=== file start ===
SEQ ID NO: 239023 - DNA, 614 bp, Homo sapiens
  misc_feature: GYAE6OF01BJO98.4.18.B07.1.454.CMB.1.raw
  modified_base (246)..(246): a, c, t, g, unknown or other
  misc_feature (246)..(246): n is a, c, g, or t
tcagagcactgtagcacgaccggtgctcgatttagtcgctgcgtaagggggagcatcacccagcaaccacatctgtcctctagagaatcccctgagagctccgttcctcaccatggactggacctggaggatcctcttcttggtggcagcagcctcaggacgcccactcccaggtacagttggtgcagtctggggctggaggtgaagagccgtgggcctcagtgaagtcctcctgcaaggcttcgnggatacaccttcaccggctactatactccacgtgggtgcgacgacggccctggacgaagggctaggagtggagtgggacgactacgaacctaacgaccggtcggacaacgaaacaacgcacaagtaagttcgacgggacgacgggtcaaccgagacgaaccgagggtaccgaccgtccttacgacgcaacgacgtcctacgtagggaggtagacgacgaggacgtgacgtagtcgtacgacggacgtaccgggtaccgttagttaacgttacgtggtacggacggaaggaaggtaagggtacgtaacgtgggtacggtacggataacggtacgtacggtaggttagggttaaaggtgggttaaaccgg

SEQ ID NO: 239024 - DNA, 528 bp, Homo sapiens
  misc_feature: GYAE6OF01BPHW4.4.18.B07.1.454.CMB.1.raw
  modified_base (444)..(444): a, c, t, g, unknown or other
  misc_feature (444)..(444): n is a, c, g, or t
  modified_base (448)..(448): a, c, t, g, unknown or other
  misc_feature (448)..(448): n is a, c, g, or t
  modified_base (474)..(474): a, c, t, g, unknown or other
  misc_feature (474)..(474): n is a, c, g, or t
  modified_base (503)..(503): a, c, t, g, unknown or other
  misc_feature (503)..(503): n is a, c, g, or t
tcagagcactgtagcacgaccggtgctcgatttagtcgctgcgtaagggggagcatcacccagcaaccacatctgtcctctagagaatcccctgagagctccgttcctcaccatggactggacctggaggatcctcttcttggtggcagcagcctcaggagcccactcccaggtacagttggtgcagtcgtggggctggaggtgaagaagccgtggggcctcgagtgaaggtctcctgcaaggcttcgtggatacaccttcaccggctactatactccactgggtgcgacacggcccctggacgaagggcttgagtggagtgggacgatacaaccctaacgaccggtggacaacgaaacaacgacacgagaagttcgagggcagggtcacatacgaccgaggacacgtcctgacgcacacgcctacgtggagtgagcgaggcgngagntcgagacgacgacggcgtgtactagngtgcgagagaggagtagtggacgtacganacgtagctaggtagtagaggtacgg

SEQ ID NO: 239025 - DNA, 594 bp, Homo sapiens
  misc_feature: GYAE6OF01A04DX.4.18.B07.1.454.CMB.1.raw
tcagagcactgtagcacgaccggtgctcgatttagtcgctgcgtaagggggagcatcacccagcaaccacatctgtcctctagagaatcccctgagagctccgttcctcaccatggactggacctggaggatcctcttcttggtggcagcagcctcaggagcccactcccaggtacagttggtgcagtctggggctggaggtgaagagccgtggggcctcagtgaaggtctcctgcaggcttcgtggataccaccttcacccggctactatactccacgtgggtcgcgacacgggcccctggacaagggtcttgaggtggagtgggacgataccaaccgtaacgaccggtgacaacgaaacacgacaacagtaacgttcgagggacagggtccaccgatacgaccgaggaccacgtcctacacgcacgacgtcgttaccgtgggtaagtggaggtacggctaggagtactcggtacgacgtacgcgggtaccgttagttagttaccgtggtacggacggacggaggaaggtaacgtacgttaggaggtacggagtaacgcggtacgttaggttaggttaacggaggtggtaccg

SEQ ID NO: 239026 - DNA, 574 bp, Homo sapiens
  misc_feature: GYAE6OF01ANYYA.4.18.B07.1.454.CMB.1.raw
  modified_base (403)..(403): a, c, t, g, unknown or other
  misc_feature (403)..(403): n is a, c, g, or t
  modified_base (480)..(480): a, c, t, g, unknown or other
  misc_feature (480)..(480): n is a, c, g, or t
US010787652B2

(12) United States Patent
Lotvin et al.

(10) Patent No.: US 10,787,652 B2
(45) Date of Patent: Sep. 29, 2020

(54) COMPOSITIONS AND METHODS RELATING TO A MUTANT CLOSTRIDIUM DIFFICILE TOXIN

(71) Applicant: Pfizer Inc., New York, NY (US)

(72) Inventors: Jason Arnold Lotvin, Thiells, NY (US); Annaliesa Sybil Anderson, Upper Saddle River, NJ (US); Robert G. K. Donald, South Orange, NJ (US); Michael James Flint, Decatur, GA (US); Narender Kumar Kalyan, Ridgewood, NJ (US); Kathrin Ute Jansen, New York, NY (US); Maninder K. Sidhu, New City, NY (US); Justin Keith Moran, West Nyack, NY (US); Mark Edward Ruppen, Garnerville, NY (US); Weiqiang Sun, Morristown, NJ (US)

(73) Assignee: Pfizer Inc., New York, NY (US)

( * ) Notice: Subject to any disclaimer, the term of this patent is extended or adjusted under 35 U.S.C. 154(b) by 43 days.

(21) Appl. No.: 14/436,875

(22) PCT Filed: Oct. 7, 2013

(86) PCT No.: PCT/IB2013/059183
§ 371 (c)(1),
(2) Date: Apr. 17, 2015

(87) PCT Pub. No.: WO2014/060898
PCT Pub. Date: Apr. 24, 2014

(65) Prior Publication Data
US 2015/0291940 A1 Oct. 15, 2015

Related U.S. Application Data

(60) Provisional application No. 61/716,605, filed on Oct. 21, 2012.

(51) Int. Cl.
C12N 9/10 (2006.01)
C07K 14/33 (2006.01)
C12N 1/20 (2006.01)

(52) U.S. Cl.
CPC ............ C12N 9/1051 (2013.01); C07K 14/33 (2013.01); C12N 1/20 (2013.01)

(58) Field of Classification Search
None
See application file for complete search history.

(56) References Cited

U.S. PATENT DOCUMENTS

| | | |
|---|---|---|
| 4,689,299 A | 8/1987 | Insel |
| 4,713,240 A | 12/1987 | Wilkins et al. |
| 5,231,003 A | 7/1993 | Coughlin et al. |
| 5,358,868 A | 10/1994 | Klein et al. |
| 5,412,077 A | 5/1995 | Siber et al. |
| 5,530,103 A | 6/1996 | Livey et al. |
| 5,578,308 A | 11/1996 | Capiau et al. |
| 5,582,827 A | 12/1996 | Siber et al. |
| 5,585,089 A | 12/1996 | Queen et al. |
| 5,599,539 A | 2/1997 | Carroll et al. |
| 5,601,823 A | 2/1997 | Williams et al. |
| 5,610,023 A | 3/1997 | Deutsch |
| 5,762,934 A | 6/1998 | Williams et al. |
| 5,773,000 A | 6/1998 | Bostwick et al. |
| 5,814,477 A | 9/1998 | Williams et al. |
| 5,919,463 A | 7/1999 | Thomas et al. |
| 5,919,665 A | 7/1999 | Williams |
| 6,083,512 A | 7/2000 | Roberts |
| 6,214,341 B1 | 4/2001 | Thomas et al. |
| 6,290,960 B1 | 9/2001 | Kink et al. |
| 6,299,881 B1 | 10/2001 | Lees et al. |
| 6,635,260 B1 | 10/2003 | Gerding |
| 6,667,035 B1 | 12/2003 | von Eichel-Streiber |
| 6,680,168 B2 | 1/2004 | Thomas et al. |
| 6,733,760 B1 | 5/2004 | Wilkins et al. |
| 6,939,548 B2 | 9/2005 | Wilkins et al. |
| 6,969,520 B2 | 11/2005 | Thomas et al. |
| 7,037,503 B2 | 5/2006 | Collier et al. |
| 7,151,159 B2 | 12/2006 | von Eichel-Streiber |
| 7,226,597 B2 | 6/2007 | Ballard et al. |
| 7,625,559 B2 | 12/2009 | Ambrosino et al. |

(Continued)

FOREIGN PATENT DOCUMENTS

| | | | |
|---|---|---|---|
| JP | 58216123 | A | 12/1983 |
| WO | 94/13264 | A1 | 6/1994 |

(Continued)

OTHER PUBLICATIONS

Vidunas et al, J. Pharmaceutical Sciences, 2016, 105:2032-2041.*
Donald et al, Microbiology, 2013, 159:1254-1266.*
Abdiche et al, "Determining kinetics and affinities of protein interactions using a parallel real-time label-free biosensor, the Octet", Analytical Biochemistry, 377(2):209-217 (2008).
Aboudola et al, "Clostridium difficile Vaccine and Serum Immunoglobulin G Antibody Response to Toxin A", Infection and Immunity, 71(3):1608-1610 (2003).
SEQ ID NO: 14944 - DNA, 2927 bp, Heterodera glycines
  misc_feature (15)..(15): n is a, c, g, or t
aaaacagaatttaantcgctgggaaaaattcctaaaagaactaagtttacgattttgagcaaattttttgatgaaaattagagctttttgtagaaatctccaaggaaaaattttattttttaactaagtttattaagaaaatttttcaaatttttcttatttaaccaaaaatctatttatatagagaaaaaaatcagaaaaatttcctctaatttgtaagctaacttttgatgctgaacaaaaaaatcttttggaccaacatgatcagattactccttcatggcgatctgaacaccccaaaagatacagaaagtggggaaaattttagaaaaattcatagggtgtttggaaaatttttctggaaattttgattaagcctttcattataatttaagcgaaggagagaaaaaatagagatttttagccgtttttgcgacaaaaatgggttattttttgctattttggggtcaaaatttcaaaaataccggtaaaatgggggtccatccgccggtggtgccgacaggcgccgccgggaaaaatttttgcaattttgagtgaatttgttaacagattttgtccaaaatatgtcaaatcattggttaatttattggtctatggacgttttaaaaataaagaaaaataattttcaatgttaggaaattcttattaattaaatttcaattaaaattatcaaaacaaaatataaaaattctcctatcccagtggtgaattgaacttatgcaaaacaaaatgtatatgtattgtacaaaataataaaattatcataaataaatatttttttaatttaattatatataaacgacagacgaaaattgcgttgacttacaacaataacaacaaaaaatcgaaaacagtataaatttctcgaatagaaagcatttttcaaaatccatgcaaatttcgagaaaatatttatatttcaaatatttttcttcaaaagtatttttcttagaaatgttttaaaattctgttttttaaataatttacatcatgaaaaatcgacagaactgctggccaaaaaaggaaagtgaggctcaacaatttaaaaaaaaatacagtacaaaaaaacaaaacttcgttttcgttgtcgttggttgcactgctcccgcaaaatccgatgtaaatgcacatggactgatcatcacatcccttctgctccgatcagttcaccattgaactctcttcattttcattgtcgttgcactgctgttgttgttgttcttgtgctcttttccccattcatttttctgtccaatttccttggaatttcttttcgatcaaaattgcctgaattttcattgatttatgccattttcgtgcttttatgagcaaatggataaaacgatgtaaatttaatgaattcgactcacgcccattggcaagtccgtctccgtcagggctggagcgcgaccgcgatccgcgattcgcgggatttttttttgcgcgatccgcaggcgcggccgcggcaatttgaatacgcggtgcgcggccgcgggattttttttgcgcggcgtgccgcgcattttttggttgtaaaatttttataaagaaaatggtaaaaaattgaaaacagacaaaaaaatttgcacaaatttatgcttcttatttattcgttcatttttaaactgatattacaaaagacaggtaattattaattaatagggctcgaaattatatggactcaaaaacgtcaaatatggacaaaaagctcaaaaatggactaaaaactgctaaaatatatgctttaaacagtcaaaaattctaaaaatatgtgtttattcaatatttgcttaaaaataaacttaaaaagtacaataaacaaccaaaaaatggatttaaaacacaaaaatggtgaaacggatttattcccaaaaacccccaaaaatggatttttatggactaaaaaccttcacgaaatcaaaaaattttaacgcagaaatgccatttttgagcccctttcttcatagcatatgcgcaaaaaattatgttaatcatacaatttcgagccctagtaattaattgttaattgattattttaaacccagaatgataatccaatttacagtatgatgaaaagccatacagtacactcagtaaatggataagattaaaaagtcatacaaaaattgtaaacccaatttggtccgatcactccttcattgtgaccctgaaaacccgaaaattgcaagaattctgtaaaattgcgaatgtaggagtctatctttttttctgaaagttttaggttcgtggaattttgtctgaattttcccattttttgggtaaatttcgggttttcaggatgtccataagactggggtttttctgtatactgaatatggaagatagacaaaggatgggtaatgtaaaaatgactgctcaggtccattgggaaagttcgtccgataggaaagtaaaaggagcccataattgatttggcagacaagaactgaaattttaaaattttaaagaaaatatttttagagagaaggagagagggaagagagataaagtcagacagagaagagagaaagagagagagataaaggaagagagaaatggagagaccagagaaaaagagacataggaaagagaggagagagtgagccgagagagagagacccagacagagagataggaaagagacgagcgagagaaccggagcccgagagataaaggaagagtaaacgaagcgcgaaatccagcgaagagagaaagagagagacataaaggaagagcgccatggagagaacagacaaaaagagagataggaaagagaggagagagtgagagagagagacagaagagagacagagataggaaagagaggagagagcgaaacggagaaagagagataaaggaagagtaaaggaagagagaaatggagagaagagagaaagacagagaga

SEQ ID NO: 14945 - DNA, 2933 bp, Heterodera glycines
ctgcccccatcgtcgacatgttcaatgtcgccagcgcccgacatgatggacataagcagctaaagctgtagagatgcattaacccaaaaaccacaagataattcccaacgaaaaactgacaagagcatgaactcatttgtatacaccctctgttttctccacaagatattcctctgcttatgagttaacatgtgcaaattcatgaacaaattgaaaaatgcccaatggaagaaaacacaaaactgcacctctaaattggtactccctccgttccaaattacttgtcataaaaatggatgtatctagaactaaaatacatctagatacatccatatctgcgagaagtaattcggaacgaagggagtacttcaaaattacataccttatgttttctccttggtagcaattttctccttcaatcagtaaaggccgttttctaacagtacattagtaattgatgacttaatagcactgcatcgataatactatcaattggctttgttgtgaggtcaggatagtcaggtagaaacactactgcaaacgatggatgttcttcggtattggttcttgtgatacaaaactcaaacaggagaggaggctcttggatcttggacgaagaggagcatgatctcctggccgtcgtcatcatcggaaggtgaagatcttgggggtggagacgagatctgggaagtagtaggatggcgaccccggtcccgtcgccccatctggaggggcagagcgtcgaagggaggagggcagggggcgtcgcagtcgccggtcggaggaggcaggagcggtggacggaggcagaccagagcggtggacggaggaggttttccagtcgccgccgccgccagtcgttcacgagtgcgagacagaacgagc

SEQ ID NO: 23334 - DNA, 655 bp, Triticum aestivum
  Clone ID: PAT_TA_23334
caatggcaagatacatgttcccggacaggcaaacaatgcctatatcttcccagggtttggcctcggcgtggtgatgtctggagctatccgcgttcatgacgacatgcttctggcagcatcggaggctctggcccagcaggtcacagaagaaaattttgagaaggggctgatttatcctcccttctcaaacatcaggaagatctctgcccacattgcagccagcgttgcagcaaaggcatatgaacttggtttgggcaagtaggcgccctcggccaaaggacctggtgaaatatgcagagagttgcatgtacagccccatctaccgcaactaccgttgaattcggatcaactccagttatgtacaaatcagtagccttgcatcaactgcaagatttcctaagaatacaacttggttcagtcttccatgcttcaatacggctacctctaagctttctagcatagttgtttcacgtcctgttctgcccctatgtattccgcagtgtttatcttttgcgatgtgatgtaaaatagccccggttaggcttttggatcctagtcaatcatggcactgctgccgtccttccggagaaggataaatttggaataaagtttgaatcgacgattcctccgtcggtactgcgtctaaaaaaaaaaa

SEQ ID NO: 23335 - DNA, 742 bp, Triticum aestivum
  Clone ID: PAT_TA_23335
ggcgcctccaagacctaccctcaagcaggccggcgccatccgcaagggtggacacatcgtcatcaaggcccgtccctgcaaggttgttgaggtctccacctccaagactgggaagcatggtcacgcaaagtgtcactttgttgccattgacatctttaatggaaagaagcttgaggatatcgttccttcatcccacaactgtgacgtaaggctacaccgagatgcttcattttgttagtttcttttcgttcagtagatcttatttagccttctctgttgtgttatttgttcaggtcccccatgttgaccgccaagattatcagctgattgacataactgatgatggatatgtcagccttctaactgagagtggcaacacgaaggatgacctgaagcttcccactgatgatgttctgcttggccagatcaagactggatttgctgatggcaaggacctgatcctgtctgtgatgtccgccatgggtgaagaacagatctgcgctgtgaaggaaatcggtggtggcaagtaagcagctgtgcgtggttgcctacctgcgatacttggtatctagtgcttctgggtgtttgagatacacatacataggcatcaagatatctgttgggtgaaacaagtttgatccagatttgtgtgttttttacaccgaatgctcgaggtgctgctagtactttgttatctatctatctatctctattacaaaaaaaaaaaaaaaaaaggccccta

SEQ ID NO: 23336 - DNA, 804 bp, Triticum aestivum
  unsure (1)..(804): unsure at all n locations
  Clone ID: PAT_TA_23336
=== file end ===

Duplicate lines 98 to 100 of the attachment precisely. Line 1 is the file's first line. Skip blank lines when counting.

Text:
OTHER PUBLICATIONS

Vidunas et al, J. Pharmaceutical Sciences, 2016, 105:2032-2041.*
Donald et al, Microbiology, 2013, 159:1254-1266.*